Financial Aid Award Letters
The financial aid award letter tells you how much financial support the school will give you for the coming year.
You’ll receive a financial aid award letter from each school you’ve been accepted to and requested financial aid from.
The most common sources of aid you’ll find on the financial aid award letter are:
Money that does not have to be paid back, including the Federal Pell Grant, Federal Supplemental Educational Opportunity Grant (FSEOG), institutional grants, and state-sponsored grants. Grants are usually based on financial need.
Money earned by working, either on campus for the school, or off campus for a private non-profit organization or public agency.
Money that does not have to be paid back, including any scholarships you informed the school about, as well as those the school is offering.
- Student loans
Money that must be paid back, such as Federal Direct Loans, state loans, and private student loans.
Build your overall plan with the College Planning CalculatorSM, a free tool that helps calculate the expected cost of college and how you will successfully pay for it with savings, income, scholarships, grants, and loans.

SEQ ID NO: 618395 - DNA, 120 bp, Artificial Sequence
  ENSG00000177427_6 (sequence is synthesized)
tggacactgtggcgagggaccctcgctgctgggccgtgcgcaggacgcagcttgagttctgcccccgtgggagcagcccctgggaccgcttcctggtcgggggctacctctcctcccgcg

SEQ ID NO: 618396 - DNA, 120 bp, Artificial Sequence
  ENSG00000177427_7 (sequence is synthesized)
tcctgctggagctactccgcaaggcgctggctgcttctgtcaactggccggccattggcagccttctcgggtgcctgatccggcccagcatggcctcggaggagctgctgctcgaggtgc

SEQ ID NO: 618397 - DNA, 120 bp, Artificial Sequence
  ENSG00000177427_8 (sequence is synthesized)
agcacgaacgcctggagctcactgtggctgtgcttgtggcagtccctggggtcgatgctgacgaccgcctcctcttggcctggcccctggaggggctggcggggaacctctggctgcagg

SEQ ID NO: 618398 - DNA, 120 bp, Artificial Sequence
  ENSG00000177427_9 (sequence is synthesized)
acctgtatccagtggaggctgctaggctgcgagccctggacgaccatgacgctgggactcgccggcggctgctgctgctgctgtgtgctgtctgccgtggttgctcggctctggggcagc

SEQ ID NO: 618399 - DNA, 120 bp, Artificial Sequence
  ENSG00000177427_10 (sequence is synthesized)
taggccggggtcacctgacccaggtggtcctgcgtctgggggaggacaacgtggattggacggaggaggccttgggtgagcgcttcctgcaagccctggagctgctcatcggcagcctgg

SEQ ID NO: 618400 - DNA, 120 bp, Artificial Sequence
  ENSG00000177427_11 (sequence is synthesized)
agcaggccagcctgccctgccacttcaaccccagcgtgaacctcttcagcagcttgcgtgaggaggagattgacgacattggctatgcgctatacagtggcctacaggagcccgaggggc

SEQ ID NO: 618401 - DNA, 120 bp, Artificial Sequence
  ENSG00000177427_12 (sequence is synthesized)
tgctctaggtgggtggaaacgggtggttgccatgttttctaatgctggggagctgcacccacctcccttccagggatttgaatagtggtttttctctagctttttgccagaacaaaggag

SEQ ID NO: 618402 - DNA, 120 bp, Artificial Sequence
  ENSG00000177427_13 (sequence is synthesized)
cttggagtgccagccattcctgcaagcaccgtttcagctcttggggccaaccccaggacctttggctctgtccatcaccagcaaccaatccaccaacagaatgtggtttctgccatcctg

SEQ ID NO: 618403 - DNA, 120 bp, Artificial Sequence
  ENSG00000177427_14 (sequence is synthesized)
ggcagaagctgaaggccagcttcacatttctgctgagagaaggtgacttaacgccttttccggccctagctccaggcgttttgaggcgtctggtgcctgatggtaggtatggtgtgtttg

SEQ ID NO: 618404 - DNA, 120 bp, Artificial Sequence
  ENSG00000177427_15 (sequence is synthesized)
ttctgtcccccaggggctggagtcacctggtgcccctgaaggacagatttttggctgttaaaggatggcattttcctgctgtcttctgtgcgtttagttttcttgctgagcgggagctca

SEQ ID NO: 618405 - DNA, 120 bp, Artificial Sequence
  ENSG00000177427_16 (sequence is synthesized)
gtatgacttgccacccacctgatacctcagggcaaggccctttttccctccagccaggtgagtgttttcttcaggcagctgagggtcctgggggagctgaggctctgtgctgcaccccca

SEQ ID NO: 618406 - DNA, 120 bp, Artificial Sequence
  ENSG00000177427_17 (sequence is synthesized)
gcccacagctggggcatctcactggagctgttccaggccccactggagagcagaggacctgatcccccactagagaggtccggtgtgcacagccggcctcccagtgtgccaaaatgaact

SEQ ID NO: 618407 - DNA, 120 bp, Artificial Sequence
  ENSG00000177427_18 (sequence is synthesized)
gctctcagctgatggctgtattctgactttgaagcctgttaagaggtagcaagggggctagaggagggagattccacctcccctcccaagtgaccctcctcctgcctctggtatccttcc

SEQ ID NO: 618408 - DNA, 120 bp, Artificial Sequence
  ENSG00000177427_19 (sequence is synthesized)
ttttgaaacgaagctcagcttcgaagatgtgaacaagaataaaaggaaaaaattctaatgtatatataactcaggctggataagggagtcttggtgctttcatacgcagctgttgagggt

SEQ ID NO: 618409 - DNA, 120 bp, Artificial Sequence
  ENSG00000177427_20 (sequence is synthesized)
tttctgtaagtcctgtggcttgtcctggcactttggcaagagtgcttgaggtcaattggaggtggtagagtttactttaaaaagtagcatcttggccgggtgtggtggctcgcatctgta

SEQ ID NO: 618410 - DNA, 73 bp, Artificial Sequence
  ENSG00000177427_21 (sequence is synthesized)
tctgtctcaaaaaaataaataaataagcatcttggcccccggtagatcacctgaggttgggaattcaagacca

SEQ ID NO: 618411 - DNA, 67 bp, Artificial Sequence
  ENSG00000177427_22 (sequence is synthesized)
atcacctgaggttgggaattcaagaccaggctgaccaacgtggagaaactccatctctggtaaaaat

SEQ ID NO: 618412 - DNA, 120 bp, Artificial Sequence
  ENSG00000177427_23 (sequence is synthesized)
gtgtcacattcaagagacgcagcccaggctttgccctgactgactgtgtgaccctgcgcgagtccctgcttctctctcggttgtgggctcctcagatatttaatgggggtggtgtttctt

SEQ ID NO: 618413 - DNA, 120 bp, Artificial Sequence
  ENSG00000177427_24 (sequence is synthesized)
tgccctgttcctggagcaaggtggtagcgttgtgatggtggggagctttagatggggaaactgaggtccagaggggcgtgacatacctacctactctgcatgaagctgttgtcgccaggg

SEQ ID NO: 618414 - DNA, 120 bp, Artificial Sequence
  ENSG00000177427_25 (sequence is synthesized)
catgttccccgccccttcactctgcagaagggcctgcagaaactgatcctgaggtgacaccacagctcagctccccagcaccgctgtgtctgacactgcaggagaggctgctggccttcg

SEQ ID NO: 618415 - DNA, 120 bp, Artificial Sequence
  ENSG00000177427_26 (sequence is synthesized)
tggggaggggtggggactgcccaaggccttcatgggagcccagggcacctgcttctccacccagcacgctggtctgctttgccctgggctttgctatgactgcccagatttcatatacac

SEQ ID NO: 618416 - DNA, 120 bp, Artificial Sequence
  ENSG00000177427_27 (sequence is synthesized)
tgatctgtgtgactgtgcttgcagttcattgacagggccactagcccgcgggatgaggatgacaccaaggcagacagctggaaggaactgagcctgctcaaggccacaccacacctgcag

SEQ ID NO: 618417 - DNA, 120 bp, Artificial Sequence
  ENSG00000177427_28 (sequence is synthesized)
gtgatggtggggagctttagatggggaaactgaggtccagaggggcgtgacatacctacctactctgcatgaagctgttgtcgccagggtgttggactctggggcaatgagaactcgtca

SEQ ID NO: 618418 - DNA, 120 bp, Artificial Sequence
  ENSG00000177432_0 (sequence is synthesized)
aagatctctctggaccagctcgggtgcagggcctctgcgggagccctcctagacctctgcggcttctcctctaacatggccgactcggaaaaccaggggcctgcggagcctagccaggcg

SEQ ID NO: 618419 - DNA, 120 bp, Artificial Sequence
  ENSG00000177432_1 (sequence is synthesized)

How financial aid awards are determined
After you submit the Free Application for Federal Student Aid (FAFSA), the U.S. Department of Education sends you a Student Aid Report (SAR). Your SAR summarizes the data from your FAFSA and indicates your official Expected Family Contribution (EFC).
The school subtracts the EFC from the cost of attendance which is typically tuition, books, supplies, transportation, room, and board to determine your financial need and the amount of your award.
Factors schools consider when awarding financial aid
- Cost of attendance
- Family income
- Family size
- Number of family members in college or graduate school
- Family background
- Scholarships or grants not received through the school
- Major or field of interest
- Athletic abilities
Keep in mind that it's possible that the most expensive school on your list might not cost you the most. It all depends upon the total financial aid package awarded by each school. Use the Award Letter Analyzer to help you make a fair “apples-to-apples” comparison among the financial aid award letters you receive.
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